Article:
Hierarchies of Victims

Much of the dispute surrounding the release of the Eames-Bradley report has focussed on the concept of a hierarchy of victims. If we think we are about to move away from it we are wasting our time. It is a weapon in our moral armoury that we most certainly do not want to see decommissioned. The advantage it gives us in the ongoing post-war conflict is not one to be easily surrendered. Truth and reconciliation are just something to shout about not to be obtained.

In making demands for truth from a state or any other party to the conflict that plagued the North the terms of reference ought to be clear. They cannot be based on the wishful thinking which denies a hierarchy of victims.

Instead of bluffing that there is no such thing, Kevin Rooney, writing with a disarming honesty, put it so well from a republican perspective:

Simply put, the deaths of young men who we believed were fighting against British military occupation and repression were considered by us to be a far greater loss than the deaths of the British soldiers and RUC men enforcing British rule. To wipe out, retrospectively, that distinction, the fact that convictions, passions and values underpinned people’s attitudes during the conflict … (is) … to erase the goals and objectives that republicans believed were worth fighting and dying for.

While Rooney dislikes the term victim, in the act of valuing one lost life over another he nudges us to the conclusion that as well as having preferential victims everybody has their own ‘undeserving victim’ who, unsurprisingly, merits little or no sympathy. In the binary hierarchical world we share by mutual disagreement, ‘victims on our side are more important than victims on yours.’ Instead of medals on display in the wake of the war, scars are worn here much for the same thing. They are pain badges proclaiming that we were participants in something that we want to remind the world about whether the world wants to be reminded or not. ‘We are the moral victors – our chests sport more scars than yours. You did worse to us than we did to you.’ Human nature undoubtedly but there is also a large measure of politicisation of the issue at play. That is why, depending on what side is taken, we will march for just some of the truth or, alternatively, ensure that those who kill British soldiers spend twenty years in jail while British soldiers who kill unarmed civilians stay long enough for the prison bath and meal.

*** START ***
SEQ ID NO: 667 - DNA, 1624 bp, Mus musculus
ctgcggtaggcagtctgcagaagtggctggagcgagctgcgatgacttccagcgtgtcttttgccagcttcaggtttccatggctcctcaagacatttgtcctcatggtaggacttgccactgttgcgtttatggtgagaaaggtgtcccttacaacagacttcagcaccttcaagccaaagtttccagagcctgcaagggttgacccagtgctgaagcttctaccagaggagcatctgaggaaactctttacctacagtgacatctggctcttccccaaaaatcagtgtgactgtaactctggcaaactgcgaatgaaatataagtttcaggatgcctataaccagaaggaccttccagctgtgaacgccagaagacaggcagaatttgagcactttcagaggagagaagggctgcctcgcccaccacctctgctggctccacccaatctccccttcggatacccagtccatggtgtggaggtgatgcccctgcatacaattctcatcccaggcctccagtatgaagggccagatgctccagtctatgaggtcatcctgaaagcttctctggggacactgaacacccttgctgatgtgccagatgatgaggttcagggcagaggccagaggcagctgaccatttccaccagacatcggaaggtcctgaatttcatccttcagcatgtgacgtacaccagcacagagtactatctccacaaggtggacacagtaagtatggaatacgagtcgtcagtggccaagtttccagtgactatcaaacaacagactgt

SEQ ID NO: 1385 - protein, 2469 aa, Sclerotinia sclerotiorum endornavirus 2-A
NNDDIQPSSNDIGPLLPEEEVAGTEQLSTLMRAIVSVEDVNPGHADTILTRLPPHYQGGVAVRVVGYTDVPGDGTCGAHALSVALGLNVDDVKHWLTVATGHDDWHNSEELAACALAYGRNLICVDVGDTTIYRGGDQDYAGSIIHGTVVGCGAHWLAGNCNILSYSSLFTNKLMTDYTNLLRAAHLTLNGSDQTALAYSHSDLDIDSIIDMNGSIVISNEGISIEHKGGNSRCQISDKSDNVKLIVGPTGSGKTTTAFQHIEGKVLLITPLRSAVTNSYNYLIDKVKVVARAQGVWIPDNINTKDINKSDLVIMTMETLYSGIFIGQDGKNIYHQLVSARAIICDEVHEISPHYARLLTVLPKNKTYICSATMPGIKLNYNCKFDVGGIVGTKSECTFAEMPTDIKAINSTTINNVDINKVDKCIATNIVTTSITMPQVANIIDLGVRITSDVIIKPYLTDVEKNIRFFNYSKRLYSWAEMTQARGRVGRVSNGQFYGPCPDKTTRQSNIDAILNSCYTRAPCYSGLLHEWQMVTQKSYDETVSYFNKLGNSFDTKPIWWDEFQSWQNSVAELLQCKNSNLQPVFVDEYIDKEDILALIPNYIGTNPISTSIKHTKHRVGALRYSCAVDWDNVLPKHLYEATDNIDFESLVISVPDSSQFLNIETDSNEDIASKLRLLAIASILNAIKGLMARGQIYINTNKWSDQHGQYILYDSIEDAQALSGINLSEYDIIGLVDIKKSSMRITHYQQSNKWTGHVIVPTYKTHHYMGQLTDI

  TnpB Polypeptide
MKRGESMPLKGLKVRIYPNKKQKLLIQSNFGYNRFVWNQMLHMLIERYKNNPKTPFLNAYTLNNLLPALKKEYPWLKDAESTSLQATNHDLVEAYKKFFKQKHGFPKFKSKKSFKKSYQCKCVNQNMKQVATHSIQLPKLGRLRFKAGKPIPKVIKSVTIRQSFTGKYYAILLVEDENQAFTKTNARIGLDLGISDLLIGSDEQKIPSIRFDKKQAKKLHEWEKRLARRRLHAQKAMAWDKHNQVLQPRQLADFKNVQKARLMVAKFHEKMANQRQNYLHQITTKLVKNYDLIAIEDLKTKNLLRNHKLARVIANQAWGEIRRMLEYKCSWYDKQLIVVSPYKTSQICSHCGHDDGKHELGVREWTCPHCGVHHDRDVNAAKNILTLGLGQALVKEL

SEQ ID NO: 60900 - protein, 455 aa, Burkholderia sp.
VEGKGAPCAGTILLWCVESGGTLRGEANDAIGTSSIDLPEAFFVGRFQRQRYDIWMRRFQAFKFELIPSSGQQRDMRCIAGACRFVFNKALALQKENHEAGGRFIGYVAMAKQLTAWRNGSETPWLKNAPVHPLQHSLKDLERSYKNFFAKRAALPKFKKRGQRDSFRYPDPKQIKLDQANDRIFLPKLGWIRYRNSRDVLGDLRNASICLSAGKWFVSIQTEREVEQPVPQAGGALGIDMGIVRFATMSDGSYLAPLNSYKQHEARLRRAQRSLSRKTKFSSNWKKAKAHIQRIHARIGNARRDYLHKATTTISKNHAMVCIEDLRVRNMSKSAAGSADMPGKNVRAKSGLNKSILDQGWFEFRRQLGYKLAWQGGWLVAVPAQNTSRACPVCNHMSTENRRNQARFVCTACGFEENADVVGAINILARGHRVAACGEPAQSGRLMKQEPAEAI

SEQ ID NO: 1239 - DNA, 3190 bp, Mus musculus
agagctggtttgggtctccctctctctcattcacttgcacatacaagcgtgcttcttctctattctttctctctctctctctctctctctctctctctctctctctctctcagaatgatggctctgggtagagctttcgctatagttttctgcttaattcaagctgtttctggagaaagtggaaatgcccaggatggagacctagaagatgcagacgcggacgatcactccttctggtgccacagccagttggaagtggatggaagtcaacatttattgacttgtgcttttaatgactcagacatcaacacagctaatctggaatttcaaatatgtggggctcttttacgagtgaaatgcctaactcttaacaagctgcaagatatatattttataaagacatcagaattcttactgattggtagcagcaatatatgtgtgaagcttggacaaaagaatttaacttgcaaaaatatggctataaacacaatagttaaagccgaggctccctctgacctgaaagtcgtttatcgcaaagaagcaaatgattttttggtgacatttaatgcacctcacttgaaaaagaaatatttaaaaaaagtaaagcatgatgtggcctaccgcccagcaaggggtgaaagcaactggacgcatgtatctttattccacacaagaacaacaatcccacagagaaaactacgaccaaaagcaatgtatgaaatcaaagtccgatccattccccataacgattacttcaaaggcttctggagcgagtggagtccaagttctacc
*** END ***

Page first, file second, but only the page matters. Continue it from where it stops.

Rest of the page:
There are strategically designed hierarchies and those which exist through a form of natural selection; those that are valued not for the victims of yesterday but where the victims are used for the politic of tomorrow; and those that sit atop the structure because they were loved, known, valued and liked by those who place them there.

It is plain that the natural hierarchies will continue to exist until those who hold memories themselves pass on. They require nothing other than memory. The strategic hierarchies of victims - there being more than one of them - will be moulded, shaped and sharpened to a fine point, purpose built for thrusting into the chest of the moral armour of ‘the other’. In the battle for whose hierarchy shall emerge victorious we shall invariably be led back to where we are now, manipulating victimology for narrow political ends which can all too easily sideline concerns that have an orientation more towards justice. It provides an outlet for the accumulated righteous anger that has been stored up over the decades and new victims to unleash it against – ‘you and yours.’ It goes nowhere because in the game of victimology one victim all too easily cancels out another, leaving it difficult to see a way out of our immoral maze unless the victims are respectfully remembered as something in the past and not paraded as weapons in the present for the purpose of shaping the future. Victimology reinforces demonology.